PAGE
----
Francisco Franco

Francisco Franco
Francisco Franco was the dictator of Spain from 1939 to 1975, including the time of WW2. Perhaps he was better known as “El Caudillo,” translated into English as The Leader. He was born and raised in Spain. He was a very brilliant military general who led Nationalist rebels in defeating the Spanish government during the Spanish Civil War. Although he was viewed as a Fascist Dictator, he strongly opposed communism. He was an extremely important figure in the course of world history.
Francisco Paulino Hermenegildo Teodulo Franco Bahamonde, Francisco Franco as he was known, was born on December 4, 1892 at the coastal city of El Ferrel in the region known as Galicia in Northwestern Spain. He was close to his mother during his childhood. His father, older brother, and the four generations before him were naval officers. However, the Naval Academy was full so Franco went into the Army. He enrolled into Infantry Academy at Toledo when he was 14 and graduated three years later.
Franco quickly climbed the ranks of the Spanish Army. He gained a reputation of being a disciplined, honest, and dedicated soldier who was strictly professional. He was promoted to first lieutenant of an elite regiment when he was only 20 years old. He became the youngest captain in the Spanish Army in 1915 at the unprecedented age of 22. He then became second in command to General Jose Millan Astray of the Spanish Foreign Legion in 1920, and was in full command in 1923. In 1926, Franco was promoted to brigadier general at the age of 33. In 1928 he was named director of General Military Academy at Zaragoza. He was recognized as a national hero.
Franco was engaged in 1917. His fiancée was Carmen Polo. Their marriage was delayed, however, because Franco was called back into active duty in Morocco. They would have one daughter, Carmen, together in 1928.
The Spanish Monarchy fell in 1931 and the new government was strongly opposed to the military. The General Military Academy was broken up and Franco was placed on the inactive list. He was restored to active duty in 1933 and in 1934 was promoted to major general. Franco’s tactical genius shined once again when he was called upon to crush a small band of rebels in October of 1934. After this, he was promoted to chief of the Spanish Army’s general staff. After this promotion, Franco started to strengthen the military, as the military was weakened by the antimilitary policy of the Spanish Republic.
The government of Spain dissolved once again and Franco was removed from the general staff. He was moved to duty in the Canary Islands. Although it was against Franco’s nature to oppose the government, he joined Nationalist rebels against the government.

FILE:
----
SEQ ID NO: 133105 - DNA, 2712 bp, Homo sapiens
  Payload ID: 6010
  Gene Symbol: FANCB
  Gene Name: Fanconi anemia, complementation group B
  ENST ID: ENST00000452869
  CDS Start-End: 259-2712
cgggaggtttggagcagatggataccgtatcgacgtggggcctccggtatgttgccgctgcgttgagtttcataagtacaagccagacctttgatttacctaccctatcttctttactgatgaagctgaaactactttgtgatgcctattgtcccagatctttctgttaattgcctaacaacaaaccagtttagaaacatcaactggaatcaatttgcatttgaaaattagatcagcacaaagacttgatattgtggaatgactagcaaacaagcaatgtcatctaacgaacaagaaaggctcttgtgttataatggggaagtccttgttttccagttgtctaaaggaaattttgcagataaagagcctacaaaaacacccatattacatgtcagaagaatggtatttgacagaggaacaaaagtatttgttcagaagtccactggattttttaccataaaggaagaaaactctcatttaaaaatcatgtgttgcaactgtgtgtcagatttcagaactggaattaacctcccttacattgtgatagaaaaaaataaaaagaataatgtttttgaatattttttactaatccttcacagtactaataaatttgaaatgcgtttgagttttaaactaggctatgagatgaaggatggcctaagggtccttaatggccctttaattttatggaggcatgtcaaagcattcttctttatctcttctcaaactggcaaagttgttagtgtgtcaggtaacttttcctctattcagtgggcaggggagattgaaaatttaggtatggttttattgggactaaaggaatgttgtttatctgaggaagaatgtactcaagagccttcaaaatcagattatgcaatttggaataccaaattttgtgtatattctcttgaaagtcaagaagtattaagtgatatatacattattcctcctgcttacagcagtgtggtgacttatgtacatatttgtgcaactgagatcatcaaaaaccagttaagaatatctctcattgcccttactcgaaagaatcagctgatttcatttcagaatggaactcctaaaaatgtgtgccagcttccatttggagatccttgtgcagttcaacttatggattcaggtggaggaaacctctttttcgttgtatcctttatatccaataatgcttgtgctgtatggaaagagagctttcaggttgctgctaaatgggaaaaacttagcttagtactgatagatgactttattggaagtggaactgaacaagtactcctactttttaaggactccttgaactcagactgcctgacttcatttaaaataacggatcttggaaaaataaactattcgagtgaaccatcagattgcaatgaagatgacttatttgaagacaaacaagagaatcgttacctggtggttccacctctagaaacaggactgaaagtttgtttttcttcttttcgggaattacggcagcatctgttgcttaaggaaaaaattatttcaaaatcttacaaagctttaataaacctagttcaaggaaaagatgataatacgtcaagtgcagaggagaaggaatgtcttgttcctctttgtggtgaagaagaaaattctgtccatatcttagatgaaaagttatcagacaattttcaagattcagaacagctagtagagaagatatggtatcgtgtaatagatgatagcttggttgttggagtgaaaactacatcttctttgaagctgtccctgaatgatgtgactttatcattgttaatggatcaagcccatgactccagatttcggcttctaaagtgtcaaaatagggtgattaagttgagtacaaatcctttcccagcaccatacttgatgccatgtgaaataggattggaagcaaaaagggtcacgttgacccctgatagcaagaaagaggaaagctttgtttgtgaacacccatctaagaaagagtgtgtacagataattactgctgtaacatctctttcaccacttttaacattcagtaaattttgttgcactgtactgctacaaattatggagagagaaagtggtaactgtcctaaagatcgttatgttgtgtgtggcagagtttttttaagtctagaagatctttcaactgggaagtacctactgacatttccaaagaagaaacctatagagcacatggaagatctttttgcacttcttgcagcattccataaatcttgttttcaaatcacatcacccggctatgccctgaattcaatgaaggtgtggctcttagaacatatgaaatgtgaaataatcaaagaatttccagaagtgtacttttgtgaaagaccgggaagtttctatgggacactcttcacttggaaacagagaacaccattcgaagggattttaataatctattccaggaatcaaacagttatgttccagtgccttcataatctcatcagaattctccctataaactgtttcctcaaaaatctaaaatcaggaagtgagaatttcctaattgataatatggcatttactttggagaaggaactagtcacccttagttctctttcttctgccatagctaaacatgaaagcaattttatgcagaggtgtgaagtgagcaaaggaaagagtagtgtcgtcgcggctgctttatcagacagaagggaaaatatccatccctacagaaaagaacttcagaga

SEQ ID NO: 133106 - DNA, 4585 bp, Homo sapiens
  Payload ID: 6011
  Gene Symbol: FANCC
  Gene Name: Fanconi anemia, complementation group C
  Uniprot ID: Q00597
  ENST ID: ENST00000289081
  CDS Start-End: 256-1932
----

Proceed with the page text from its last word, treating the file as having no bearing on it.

This was the beginning of the Spanish Civil War. Franco flew to Morocco and took command of the Spanish Army there. He united the Nationalist parties and assumed the role of leader. The Nationalists received military assistance from Fascist Germany led by Hitler and Italy led by Mussolini. In 1937 he reorganized the Falange, or Spanish fascist party, and made it the official and only political party of the government. Franco finally gained complete and unconditional control in 1939 after 32 months of fighting. His government was mainly a Fascist dictatorship. He named himself El Caudillo.
When World War 2 broke out, Franco was at first unwilling to take sides and declared Spain in a state of neutrality. He was leaning, however, towards the Axis powers since the Germany and Italy had helped Franco during the Spanish Civil War. Franco sent “volunteers” to Germany to help them fight the Soviets while still being neutral. The Allies after WW2 formed the United Nation but ostracized Franco and his government because of Franco’s aid to the Fascist governments of Germany and Italy.
Franco was viewed by many outside Spain as “The Last Surviving Fascist Dictator.” Spain was ostracized from most of the world until the “so called” Cold War. His strong opposition to communism showed when he offered help to the United States. In 1953, Franco signed a pact with the U.S. permitting the U.S. to place air and naval bases in Spain in exchange for economic and military aid. This aid, thus, dramatically improved the economy of a